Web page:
Hunt for Dioxane in Ann Arbor’s West Park Begins

This MLive article discusses the search for traces of the local dioxane plume in the West Park area of Ann Arbor. It provides a fairly substantial amount of detail about what’s being done in that area, but is lacking a major component. This article simply does not have a nut graph and offers no explanation as to why the reader should care about the issue. It does not discuss what 1,4-dioxane is and why it’s a health issue to the citizens of Ann Arbor, nor does it provide sufficient background on the issue. If this article was to be the first thing someone read about the Ann Arbor dioxane plume they wouldn’t feel as if they understand why it’s an issue. Furthermore, the story lacks any form of an edge. The quotes used don’t evoke much emotion and there’s not really any debate over the issue.

In your opinions, what do you think should have been done to draw readers in? Are there any ways in which you could see this issue as being divisive? Do you think this article did a good job in reporting the facts?



7 Responses to “Hunt for Dioxane in Ann Arbor’s West Park Begins”

  1. I agree with Dylan with the opinion that the article lacks a nut graf because it doesn’t offer any information about the impact of the dioxane to residents in Ann Arbor nor to those that aren’t affiliated with the local area. Stanton should have stated some of the health effects of dioxane exposure to engage readers’ interest so the audience recognizes the importance of the investigation of dioxane in groundwater.

    Also, there were limited sides in the story. There weren’t any disagreeing parties in the article. Stanton could have included perspectives from those that oppose sampling, those that don’t view dioxane as an issue, or the cause(s) of dioxane accumulation in water. The article reported the facts clearly; however, it is hard for readers to gauge the significance of the topic since it fails to provide the impact of dioxane exposure. Stanton hints at possible consequences when he paraphrases Pratt about the contamination of drinking water sources, but he should have explicitly said the anticipated effects of dioxane on public health and the environment to understand the occurrence of these water investigations.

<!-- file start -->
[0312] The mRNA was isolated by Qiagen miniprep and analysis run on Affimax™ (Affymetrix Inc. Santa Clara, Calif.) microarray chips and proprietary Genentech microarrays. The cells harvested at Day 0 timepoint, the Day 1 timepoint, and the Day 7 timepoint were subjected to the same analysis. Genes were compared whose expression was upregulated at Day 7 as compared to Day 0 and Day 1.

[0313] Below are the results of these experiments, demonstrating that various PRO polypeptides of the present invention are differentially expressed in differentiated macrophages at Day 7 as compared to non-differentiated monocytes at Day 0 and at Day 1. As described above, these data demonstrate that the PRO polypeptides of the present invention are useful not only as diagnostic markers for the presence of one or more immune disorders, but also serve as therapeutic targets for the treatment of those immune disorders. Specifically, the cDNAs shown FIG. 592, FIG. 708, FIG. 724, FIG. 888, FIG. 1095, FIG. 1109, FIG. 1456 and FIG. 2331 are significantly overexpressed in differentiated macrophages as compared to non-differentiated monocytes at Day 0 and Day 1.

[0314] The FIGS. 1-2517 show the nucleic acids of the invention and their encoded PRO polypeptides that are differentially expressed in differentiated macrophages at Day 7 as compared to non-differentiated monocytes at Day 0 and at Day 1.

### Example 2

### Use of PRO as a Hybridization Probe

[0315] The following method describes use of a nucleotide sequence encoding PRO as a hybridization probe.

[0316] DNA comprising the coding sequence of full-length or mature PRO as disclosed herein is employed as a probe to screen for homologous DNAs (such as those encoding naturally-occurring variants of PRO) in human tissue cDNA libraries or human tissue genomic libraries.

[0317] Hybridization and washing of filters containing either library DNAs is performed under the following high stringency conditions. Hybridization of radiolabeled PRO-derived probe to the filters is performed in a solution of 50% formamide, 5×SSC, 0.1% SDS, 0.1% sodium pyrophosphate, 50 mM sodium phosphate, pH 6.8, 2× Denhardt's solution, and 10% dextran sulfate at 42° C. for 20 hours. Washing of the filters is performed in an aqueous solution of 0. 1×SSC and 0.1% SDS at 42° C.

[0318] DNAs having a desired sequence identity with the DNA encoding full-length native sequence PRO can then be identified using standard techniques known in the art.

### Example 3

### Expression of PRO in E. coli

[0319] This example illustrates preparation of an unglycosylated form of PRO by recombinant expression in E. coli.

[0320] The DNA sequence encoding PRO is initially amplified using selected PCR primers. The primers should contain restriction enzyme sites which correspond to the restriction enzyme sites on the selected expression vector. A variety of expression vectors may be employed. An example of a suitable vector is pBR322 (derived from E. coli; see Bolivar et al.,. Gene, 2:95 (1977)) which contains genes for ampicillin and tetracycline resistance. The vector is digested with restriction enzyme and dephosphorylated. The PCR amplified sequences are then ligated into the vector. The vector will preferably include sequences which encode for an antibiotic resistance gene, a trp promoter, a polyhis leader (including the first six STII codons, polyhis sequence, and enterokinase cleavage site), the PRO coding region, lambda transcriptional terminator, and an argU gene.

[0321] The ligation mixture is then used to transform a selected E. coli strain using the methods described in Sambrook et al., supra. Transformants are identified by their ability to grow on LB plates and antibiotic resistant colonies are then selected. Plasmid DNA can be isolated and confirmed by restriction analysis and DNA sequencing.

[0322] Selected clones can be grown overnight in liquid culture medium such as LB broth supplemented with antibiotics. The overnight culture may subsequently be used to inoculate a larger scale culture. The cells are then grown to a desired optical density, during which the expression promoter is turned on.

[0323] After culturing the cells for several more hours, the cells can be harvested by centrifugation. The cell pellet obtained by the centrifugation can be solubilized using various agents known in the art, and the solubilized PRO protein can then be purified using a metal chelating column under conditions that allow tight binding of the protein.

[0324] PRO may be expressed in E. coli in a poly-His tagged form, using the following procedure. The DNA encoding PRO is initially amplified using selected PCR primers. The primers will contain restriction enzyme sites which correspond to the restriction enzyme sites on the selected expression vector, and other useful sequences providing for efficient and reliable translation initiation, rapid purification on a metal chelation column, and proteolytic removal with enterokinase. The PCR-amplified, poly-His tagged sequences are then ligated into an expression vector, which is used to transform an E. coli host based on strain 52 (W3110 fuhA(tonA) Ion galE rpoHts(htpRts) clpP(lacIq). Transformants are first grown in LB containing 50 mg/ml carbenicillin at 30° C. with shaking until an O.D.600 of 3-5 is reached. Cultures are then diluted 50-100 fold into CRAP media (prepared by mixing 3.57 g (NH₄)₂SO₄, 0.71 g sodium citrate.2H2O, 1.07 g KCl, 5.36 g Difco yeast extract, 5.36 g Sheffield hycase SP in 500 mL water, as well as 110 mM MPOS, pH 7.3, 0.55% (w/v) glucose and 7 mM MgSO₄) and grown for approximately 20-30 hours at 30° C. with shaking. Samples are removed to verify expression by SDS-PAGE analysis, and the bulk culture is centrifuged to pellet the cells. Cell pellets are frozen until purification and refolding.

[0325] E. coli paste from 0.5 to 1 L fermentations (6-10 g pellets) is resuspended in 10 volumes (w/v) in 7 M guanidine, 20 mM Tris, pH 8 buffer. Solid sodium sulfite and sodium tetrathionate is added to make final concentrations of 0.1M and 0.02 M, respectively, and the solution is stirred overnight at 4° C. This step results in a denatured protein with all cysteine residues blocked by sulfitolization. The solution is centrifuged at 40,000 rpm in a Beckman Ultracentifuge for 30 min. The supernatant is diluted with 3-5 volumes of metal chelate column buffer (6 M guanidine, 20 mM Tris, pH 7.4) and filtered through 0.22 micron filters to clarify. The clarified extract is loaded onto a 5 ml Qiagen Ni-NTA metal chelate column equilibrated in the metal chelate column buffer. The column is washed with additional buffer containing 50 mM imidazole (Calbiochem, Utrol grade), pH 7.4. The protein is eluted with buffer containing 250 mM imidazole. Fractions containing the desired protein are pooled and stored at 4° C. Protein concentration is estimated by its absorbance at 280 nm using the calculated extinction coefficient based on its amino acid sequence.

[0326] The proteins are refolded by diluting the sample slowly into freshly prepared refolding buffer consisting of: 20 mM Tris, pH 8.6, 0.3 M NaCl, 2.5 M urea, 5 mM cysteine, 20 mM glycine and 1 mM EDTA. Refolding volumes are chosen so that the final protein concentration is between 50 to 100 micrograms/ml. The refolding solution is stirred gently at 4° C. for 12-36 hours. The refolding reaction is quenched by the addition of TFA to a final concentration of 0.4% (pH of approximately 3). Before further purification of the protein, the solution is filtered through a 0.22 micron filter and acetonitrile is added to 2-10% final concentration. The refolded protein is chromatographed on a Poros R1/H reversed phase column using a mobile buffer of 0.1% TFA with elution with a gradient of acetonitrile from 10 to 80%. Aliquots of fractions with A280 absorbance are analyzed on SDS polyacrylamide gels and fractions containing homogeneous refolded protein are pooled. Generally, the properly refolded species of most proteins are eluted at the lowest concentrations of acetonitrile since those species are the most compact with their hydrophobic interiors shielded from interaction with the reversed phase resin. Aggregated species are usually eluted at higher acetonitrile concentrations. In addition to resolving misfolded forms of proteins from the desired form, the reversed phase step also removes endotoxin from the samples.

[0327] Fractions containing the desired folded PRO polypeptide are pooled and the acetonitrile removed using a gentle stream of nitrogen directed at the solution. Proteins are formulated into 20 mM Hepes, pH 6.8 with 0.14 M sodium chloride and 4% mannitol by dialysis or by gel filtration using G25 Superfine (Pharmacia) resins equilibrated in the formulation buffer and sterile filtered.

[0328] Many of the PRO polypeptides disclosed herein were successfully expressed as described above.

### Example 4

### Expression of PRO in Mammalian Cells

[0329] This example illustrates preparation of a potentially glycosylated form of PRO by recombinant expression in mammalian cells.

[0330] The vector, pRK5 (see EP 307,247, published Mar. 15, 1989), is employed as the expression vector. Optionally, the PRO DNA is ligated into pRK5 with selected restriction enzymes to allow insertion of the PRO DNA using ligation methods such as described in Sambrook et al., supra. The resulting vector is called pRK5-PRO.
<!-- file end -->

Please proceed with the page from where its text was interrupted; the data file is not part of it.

2. This article, although informative about dioxane testing in West Park, does not provide a sense of urgency or importance to the audience. Throughout the article, there was great description of how samples of dioxane were being obtained and how they were going to be examined. However, its relevance to public health and its importance today was lacking. The audience is not able to relate to this article and therefore cannot connect with the information being provided.
    Also, the quotes that are used in this article don’t really express any emotion or personal flare that make them stand out. They’re not “punchy”. It may have been better if Lawson was asked about her experience with people who don’t know about dioxane pollution and if she feels the general public is well informed on this matter.

  3. First, I think the lede could be strengthened in this article. I think Stanton could have drawn the reader in by starting with a detailed description of the DEQ collecting groundwater samples at West Park. This is an task most readers wouldn’t be very familiar with, so describing that scene in detail would bring this news to life for the reader.

    I also agree with my classmates that this article lacks a clear nut graph. After reading this article, I do not fully understand the dangers dioxane poses to environmental and human health. However, I would guess it was not Stanton’s intention to leave readers in the dark. Stories about the dioxane plume in Ann Arbor had been published in MLive for months before this piece was published. I would venture to guess that Stanton assumed that most of his audience had already read about the dioxane plume, so his mission was simply to provide an update rather than rehash the entire issue.

    This brings up an interesting question, though. When writing articles like this that provide new information about a topic that is frequently in the news, should each new article provide an overview of the subject area? It seems to me that this would get to be very repetitive for loyal readers. But can a journalist really assume prior knowledge on an issue like this?